It’s hard to believe, but this week we said goodbye to Jorge Morales , who is retiring after 43 years here at Pine Island Cranberry!

Jorge started with us as a seasonal team member in 1976, and moved to full time in November the following year. In that time, Jorge has done every job there was to do on this place. CEO Bill Haines tried putting that into numbers for the assembled team. “Jorge mowed a lot of dams for us. When you think of how we have over 100 miles of dams, and some years we mow them four times, he’s easily mowed thousands of miles of dams. He’s hauled dirt and gravel, sand for bogs, and cranberries to Chatsworth or to our own packing house, and that adds up to thousands of miles in 43 years. Between frost nights and heat watch, he’s unplugged hundreds, if not thousands of sprinklers. He’s helped put in hundreds of gates. And that doesn’t include building bogs or installing irrigation. In 1975, we put in our first ever irrigation system. So since 1977, Jorge has actually helped install irrigation for the entire farm; as we’ve rebuilt or refurbished, he’s helped with that too.”

But Bill saved the most amazing numbers for the end. “Jorge’s first harvest was in 1976 as a seasonal guy. Since that first crop in 1976, he’s helped us pick 8,792,648 barrels of cranberries. Now, that’s an important number to us in the industry, but not everyone knows what it means; it’s even more impressive when you find out that it means Jorge has helped harvest 879,264,800 pounds of cranberries over 43 years.”

“It’s impressive, the amount of work he’s helped us to do,” Bill said to the team this week at Jorge’s farewell lunch. “Along with his wife Mildred, he’s raised a family of four kids – and Mildred deserves a lot of credit for that – and through all of that, he’s been cheerful no matter what we ask him to do. No matter the weather, through the heat, the cold, heavy rain, or snow, he’s always positive, always cheerful, always raised the atmosphere and the morale of the whole team.”

“You can be proud of the fact that you were a part of this team for so many years,” Bill said to Jorge. “You’re part of the family that’s been here for so long; your father-in-law, your brothers, Mildred’s brothers. I’m proud of the fact that people like you work for Pine Island; what you’ve contributed we’ll never forget. You’ve made a difference, Jorge, and we all appreciate it.”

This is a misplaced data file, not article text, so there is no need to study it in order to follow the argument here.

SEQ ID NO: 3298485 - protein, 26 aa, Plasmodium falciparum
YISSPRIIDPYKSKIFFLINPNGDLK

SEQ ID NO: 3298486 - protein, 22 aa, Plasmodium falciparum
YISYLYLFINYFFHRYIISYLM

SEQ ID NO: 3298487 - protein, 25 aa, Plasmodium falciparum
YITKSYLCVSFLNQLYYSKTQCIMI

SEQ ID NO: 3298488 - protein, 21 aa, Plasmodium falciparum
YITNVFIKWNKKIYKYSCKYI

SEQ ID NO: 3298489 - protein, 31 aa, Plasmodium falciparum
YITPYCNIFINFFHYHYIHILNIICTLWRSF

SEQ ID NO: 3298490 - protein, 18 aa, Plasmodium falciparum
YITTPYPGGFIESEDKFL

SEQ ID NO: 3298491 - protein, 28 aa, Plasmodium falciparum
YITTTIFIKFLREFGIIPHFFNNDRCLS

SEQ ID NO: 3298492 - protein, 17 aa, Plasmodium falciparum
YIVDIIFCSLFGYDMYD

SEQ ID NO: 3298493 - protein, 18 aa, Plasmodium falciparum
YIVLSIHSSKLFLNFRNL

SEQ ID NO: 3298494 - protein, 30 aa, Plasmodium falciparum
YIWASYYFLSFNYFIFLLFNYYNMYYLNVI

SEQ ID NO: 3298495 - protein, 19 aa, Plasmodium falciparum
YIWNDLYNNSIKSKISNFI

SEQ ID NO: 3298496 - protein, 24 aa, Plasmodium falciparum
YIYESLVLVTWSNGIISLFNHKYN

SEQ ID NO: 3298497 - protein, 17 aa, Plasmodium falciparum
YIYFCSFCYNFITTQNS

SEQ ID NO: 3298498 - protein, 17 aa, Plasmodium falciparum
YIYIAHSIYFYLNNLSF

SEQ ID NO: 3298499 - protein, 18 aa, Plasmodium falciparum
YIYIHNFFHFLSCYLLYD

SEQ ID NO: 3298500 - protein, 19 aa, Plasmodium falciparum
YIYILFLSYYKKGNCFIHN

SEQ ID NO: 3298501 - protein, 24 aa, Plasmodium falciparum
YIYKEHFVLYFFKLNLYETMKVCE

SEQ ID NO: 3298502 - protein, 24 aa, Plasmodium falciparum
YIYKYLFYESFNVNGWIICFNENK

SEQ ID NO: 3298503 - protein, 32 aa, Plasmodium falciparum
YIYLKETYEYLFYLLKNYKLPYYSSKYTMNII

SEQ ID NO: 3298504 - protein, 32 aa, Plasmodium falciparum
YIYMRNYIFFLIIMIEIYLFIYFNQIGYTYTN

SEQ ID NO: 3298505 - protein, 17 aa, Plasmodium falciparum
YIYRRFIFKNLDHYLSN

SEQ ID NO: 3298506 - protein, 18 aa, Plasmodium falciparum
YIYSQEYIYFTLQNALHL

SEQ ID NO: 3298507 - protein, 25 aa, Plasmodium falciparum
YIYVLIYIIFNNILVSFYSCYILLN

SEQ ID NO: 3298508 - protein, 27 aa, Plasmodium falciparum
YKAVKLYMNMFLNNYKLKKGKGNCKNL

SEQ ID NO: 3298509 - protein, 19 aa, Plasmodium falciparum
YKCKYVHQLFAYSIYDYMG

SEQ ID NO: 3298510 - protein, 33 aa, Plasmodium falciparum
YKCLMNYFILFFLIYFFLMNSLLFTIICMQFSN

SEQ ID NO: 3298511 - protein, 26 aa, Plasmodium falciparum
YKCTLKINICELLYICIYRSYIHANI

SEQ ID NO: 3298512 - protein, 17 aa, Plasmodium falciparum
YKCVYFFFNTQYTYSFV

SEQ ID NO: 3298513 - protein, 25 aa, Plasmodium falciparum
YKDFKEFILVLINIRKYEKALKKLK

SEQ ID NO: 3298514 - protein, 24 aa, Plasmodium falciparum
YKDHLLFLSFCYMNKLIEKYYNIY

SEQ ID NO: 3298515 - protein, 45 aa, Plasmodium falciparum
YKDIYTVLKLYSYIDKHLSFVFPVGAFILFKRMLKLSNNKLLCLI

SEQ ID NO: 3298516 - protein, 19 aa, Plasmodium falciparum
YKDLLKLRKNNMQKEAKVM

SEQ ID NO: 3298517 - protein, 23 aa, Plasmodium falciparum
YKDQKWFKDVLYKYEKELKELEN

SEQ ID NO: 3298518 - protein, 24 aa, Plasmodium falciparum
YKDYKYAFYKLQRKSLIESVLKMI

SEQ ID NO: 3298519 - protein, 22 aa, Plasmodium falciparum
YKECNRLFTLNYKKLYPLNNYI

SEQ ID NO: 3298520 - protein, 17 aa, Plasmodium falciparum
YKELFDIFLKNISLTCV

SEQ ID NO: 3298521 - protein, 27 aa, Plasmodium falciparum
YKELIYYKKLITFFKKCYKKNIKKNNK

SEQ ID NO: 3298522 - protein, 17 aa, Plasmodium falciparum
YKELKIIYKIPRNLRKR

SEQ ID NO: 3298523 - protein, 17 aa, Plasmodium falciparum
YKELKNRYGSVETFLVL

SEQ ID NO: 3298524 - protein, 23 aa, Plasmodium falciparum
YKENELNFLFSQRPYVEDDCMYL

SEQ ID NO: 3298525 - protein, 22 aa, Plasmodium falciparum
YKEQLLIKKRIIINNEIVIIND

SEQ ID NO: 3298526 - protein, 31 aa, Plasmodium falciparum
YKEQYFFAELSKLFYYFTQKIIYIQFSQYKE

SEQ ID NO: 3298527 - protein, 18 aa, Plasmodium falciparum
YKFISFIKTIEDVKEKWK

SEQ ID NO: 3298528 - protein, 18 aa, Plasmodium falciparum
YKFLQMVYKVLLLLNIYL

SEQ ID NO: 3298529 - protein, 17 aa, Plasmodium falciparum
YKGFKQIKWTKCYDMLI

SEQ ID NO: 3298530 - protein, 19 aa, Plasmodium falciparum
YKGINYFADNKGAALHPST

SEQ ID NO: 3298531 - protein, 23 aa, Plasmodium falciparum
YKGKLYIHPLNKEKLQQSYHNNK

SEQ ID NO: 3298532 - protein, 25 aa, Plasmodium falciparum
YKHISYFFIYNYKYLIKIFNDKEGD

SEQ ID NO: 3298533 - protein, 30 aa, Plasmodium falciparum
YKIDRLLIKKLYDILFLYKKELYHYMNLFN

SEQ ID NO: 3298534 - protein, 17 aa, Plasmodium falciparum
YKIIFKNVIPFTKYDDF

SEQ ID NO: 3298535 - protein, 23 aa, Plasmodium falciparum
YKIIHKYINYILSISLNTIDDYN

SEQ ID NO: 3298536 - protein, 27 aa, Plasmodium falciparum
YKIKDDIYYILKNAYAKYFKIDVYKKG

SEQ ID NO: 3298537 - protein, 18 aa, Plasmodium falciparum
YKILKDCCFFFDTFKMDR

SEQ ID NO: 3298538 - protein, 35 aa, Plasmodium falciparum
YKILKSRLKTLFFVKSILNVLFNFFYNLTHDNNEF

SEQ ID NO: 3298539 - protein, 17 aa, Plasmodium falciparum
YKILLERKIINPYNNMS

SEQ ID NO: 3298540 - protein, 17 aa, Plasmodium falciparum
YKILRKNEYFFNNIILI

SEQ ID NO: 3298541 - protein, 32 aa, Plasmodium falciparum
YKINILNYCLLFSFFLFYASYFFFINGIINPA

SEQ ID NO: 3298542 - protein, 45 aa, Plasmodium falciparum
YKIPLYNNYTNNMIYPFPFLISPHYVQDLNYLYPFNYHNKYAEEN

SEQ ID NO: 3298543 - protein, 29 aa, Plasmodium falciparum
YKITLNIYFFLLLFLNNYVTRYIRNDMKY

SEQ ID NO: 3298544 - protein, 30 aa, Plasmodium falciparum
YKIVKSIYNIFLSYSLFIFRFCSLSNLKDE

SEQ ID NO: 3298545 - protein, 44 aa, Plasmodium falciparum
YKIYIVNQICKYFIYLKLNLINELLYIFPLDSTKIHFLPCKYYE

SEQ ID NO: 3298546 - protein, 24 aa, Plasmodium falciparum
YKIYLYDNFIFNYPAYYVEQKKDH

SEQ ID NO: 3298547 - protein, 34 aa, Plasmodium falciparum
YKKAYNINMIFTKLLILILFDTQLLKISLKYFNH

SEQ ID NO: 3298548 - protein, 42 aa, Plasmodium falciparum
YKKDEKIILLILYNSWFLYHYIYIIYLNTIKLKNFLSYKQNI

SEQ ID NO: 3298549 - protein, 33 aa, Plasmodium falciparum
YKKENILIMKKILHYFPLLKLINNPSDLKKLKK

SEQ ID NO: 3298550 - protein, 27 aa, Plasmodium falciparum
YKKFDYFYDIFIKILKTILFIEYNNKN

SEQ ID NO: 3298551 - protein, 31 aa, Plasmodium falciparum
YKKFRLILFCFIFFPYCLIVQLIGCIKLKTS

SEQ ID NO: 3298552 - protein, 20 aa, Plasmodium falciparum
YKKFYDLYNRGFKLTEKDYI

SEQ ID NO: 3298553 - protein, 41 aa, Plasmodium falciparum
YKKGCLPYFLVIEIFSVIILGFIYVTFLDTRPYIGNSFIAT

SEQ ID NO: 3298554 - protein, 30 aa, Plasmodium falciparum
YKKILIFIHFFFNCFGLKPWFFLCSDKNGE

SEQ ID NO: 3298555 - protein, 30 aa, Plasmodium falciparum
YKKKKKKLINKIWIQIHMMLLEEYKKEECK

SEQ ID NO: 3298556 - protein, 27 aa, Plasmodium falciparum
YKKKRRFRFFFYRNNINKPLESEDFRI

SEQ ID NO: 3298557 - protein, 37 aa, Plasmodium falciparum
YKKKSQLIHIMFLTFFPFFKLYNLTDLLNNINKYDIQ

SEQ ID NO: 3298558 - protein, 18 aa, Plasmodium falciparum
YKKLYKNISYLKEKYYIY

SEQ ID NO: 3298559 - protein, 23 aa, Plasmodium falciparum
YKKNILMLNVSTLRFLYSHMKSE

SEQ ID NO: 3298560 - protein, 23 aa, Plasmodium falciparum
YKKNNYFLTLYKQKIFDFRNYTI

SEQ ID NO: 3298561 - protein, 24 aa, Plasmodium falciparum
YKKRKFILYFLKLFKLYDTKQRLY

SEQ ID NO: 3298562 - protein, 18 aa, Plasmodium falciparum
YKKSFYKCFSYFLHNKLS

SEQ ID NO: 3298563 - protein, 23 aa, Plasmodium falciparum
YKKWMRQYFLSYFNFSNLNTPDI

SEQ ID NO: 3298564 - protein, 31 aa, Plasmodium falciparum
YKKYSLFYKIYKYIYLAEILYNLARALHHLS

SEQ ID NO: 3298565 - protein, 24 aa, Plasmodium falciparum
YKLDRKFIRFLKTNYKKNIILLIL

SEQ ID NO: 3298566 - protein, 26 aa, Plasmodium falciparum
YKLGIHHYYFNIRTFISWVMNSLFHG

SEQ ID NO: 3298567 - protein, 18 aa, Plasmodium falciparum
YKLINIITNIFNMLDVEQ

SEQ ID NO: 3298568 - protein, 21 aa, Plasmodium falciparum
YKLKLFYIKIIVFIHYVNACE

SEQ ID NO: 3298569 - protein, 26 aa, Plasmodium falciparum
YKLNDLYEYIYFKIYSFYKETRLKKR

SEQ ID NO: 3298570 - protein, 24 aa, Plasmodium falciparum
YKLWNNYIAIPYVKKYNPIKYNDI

And what did Jorge, the man who is never, ever short of a word, say in his address to us all?

“Thank you, everybody.”

Thank you, Jorge! We’ll all miss you very much, and wish you nothing but the best. Come back and see us!

Preventative measures: swans

A niche crop like cranberries often has niche challenges! One of the toughest of those might be surprising to some people: the tundra swan. Tundra swans migrate to the area every year from Alaska and northwestern Canada and are particularly fond of red root, a weed that competes with cranberry vines for nutrients. When they fly in to feed, they not only tear out the red root, they also tear out vines and leave enormous holes that damage the beds themselves.

Since the swans are a protected species, growers have had to come up with a harmless solution to keep them safely away from the bogs. At Pine Island our PIICM team has been installing swan string for several years. The strings help keep the swans out of the bog by limiting the space available. “Swans are like a commercial airliner,” CEO Bill Haines says. “Having the strings up disrupts their attempt to both land and take off again.” Not all of the bogs are strung; our team maps them out where we have found red root and where the swans have been spotted. Just three acres of swan damage can give us a loss of 200 barrels per acre, or even more, depending on the variety. That takes three years to come back.

When setting up swan string, the team places rebar in the ground along the longer sides of a bog, about every 75 feet. On the ends of the bog, the team walks it out and determines how many lines they’ll need to run lengthwise though the center. Once the rods are laid out on the dam, a team of three to five people gets into the bog and walks the string across. Once the entire bog is strung, the team goes back in and puts up poles, which are used to keep the strings out of the water so that they don’t freeze. They’re placed in a checkered pattern, not necessarily on every line. The poles can either be cedar posts or recycled irrigation pipe. In addition to the recycling/environmental aspect, reusing the irrigation line is lighter and easier to handle.

This year, our team installed almost one million feet of swan string, which come out to about one hundred and eighty-seven miles. That’s a lot of walking!

Our team has also adopted a backup method in the past few years: an Agrilaser. From their website:

Deterring pest birds from open and semi-open spaces has long posed a costly and nagging challenge to property owners and managers. While noisemakers like propane cannons can scatter bird pests, they can also be disruptive and must be repeated often to keep birds from coming back. Lethal means of bird control—poisons, pellet guns and inhumane traps—are illegal in many areas, as many birds are protected by law. Bird B Gone’s Agrilaser® provides an effective, humane solution. It uses advanced, patented optical laser-beam technology to harmlessly repel pest birds over great distances—up to 2,000 meters. The handheld device is silent and completely portable. Pest birds react to the green beam as they would an approaching car, so they flee the area. Yet, unlike some deterrent devices, birds will not get used to the laser beam’s implied threat.